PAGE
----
“The greatest challenge of the day is: how to bring about a revolution of the heart, a revolution which has to start with each one of us?” ~Dorothy Day
Please read the excerpt below; this was written by a staff member about a gentleman we worked with for many years and who was able to move into a home of his own. This is just a glimpse into one person’s journey and how we are able to foster hope because everyone deserves to have their own home and food on their plate.
“Like the people who visited my Grandma, it often took more than one visit to move from small talk to real talk. It took more than one bowl of jello salad for a visitor to find the courage to admit they deserved to be comforted, understood, and not defined by their past. To be honest, Rocky quit visiting Dorothy Day for a few months after his comment about the handkerchief. When he returned, I assumed we were back to our previous agreement to be nonverbal, but he poured me a cup of coffee and asked me to sit down. He told me about a situation from 30 years ago that irked him. He told me the same story the next day. And the next week. And the next month. After a year of hearing this story, I was ready to go back to the silence. I used every motivational interviewing skill I could think of, and it felt like we were getting nowhere.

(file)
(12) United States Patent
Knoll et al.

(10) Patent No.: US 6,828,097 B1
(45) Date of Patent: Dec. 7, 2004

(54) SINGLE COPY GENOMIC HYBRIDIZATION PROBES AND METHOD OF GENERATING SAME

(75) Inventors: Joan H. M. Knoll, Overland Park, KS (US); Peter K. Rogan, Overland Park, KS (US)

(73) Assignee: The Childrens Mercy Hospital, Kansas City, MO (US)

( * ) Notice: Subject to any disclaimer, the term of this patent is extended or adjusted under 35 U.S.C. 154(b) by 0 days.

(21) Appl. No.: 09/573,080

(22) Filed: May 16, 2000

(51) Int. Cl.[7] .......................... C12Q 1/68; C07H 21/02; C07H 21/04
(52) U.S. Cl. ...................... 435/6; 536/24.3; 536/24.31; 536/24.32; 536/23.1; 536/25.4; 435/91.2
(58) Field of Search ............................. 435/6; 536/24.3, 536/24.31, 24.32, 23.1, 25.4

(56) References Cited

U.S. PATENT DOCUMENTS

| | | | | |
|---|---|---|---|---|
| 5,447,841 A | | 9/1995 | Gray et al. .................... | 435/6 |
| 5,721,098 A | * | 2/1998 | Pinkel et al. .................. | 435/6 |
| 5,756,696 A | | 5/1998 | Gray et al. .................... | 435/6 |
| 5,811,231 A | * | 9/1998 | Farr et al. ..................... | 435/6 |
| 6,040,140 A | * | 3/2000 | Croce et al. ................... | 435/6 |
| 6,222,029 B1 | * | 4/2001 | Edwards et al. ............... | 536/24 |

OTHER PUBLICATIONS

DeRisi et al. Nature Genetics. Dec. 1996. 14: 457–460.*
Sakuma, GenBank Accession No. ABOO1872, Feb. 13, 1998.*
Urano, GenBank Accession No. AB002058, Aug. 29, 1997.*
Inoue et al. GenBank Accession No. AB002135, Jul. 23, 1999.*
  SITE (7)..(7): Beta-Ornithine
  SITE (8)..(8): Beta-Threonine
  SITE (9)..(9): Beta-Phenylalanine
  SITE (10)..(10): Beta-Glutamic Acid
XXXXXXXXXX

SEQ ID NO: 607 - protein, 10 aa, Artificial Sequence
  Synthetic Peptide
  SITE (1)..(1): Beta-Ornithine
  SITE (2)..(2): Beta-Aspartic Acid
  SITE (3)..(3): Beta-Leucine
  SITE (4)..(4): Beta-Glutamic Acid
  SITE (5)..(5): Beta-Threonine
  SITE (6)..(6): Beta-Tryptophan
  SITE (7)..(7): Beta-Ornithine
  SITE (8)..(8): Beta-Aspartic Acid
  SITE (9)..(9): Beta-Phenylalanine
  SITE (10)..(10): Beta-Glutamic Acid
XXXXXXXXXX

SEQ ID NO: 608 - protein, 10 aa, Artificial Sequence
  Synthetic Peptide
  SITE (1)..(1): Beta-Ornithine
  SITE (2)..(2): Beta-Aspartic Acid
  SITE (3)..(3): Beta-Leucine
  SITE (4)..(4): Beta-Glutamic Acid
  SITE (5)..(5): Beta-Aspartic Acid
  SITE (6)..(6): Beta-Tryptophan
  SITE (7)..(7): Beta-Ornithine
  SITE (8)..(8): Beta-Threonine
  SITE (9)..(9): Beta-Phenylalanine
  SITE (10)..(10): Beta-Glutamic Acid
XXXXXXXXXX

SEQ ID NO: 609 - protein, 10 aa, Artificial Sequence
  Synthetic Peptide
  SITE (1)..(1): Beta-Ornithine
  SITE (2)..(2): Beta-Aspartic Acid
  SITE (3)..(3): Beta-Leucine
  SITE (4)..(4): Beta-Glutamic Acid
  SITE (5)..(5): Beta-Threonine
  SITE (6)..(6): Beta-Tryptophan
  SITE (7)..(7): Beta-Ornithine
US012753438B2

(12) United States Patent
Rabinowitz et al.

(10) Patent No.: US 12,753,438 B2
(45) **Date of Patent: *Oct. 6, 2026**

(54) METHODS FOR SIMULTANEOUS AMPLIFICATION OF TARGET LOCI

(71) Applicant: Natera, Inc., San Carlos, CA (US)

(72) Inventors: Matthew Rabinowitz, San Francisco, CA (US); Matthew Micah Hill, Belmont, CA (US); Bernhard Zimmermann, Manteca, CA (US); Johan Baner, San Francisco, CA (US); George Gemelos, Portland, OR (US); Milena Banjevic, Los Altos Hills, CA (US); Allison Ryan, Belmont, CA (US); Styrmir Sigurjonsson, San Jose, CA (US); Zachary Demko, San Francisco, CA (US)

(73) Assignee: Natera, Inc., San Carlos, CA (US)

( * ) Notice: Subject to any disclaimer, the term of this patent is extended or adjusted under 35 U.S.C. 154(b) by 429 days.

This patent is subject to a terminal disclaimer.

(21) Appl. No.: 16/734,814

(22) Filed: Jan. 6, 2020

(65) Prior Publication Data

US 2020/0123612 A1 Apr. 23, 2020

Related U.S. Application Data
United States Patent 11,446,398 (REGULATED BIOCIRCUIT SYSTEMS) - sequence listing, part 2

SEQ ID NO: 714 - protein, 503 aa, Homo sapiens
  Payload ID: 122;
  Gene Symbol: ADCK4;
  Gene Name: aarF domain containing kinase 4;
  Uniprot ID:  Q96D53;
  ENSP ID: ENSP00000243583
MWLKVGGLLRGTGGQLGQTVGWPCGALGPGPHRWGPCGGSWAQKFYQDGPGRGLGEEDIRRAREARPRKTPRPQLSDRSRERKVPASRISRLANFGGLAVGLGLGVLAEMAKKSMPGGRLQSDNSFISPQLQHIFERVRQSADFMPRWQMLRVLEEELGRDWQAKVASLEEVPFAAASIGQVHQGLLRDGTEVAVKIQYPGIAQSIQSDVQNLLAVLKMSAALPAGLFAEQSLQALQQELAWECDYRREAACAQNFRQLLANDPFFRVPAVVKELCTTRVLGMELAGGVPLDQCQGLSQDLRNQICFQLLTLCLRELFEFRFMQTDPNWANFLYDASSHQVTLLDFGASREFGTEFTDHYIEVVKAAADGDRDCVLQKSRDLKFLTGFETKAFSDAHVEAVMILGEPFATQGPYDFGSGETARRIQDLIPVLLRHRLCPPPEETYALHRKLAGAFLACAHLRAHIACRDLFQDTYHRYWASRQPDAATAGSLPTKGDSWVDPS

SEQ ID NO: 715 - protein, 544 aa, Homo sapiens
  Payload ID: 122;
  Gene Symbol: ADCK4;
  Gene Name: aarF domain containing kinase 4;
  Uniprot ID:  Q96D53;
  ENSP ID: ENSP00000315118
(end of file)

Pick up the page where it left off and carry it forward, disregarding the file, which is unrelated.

And then one day, as he was telling me the story, and I was thinking that I even knew his pauses by heart, I was startled by the odd image of wetness on his face. A single tear emerged from his discerning eyes, rolled down his chapped cheek bone, and landed on the table between us. He held a pause and then continued to tell a part of the story he’d never spoken of before – a part so secret it was like his words were cascading out, neither of us knowing what would come next. The life he once lived was scarier than most things anyone could imagine. His voice shook as he recalled how he used to cope and how it caused him to lose beloved people. When his words stopped, the tears continued, and I was brought back to so many years ago, when I would cuddle into my Grandpa’s chest and try to understand how one person could have been hurt so much, gone on to hurt other people, and then have transformed into such a perfectly healing presence.
More than a shower every day, more than coffee, and perhaps even more than housing, Rocky needed Dorothy Day. He needed time to let himself speak the secrets that haunted him. He needed love to realize that he too deserved comfort. His memories were unyielding brigades attacking his mind. He needed the space to be able to move forward on his own accord.
And he did. After almost a lifetime of homelessness, Rocky moved into housing. In five days from the date I write this (1.26.15), he will have been living in his own apartment for a whole year. I cannot explain his journey in simple statistics. I cannot quantify the exact things we did to help him. But I know Dorothy Day’s table, like the one in my grandparent’s kitchen, is covered in coffee stains and tears. Their presence, like heartbeats, drum out the comfort that everyone is perfect. Everyone is deserving. And together everyone can find the courage to be loved and make a lasting impact on their own lives.”